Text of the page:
17.05.2019 | Leibniz-Institut DSMZ-Deutsche Sammlung von Mikroorganismen und Zellkulturen GmbH

nachricht Franco-German research initiative on low-pesticide agriculture in Europe
16.05.2019 | Leibniz-Zentrum für Agrarlandschaftsforschung (ZALF) e.V.

All articles from Agricultural and Forestry Science >>>

The most recent press releases about innovation >>>

Die letzten 5 Focus-News des innovations-reports im Überblick:

Im Focus: Self-repairing batteries

UTokyo engineers develop a way to create high-capacity long-life batteries

Engineers at the University of Tokyo continually pioneer new ways to improve battery technology. Professor Atsuo Yamada and his team recently developed a...

Im Focus: Quantum Cloud Computing with Self-Check

With a quantum coprocessor in the cloud, physicists from Innsbruck, Austria, open the door to the simulation of previously unsolvable problems in chemistry, materials research or high-energy physics. The research groups led by Rainer Blatt and Peter Zoller report in the journal Nature how they simulated particle physics phenomena on 20 quantum bits and how the quantum simulator self-verified the result for the first time.

Many scientists are currently working on investigating how quantum advantage can be exploited on hardware already available today. Three years ago, physicists...

Im Focus: Accelerating quantum technologies with materials processing at the atomic scale

'Quantum technologies' utilise the unique phenomena of quantum superposition and entanglement to encode and process information, with potentially profound benefits to a wide range of information technologies from communications to sensing and computing.

However a major challenge in developing these technologies is that the quantum phenomena are very fragile, and only a handful of physical systems have been...

Im Focus: A step towards probabilistic computing

Working group led by physicist Professor Ulrich Nowak at the University of Konstanz, in collaboration with a team of physicists from Johannes Gutenberg University Mainz, demonstrates how skyrmions can be used for the computer concepts of the future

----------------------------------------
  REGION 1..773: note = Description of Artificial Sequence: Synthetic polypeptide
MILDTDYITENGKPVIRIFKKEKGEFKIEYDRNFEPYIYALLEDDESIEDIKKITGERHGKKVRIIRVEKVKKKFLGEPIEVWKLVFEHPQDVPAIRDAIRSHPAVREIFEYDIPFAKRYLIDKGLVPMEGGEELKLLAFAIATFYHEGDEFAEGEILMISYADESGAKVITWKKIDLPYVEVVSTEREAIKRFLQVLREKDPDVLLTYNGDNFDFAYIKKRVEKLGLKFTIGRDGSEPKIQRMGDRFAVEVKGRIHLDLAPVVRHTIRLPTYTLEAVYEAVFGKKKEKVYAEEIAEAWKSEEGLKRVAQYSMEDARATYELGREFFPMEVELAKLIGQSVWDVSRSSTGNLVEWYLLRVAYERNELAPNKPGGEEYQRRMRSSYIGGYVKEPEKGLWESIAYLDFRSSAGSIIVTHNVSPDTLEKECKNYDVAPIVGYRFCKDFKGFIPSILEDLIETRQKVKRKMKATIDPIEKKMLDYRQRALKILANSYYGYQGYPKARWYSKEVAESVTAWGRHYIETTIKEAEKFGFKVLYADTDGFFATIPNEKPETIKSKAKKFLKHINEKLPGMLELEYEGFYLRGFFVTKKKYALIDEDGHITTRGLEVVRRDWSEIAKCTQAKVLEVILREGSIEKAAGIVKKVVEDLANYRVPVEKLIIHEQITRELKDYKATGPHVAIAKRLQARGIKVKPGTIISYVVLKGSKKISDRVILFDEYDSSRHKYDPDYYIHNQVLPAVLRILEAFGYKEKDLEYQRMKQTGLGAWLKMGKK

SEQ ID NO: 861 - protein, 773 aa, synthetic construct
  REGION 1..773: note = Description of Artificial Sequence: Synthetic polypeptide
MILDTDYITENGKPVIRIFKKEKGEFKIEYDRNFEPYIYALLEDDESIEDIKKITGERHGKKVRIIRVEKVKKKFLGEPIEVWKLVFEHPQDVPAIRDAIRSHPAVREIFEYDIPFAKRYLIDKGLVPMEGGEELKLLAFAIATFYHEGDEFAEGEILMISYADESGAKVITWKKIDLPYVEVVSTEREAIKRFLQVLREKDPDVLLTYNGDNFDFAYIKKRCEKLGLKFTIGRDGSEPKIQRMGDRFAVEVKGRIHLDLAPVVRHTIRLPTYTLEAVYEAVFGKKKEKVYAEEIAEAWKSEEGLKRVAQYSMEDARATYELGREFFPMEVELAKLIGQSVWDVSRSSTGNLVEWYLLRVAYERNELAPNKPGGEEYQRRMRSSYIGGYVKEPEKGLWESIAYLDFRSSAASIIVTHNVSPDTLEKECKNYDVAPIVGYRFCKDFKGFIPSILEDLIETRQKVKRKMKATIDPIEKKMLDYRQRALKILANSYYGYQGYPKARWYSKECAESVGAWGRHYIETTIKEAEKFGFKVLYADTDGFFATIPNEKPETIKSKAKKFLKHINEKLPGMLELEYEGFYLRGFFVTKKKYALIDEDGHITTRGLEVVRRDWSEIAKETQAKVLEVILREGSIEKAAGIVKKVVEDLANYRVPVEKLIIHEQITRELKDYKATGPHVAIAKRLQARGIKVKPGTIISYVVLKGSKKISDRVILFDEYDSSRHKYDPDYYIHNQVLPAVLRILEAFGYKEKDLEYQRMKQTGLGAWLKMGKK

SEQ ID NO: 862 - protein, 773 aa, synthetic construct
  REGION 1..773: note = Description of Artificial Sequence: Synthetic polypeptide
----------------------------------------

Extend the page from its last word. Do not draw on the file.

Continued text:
When it comes to performing a calculation destined to arrive at an exact result, humans are hopelessly inferior to the computer. In other areas, humans are...

Im Focus: Recording embryonic development

Scientists develop a molecular recording tool that enables in vivo lineage tracing of embryonic cells

The beginning of new life starts with a fascinating process: A single cell gives rise to progenitor cells that eventually differentiate into the three germ...

All Focus news of the innovation-report >>>

Anzeige

Anzeige

VideoLinks
Industry & Economy
Event News

SEMANTiCS 2019 brings together industry leaders and data scientists in Karlsruhe

29.04.2019 | Event News

Revered mathematicians and computer scientists converge with 200 young researchers in Heidelberg!

17.04.2019 | Event News

First dust conference in the Central Asian part of the earth’s dust belt

15.04.2019 | Event News

 
Latest News

Synthesis of helical ladder polymers

21.05.2019 | Materials Sciences

Ultra-thin superlattices from gold nanoparticles for nanophotonics

21.05.2019 | Materials Sciences

Chaperones keep the tumor suppressor protein p53 in check: How molecular escorts help prevent cancer

21.05.2019 | Life Sciences

VideoLinks
Science & Research
Overview of more VideoLinks >>>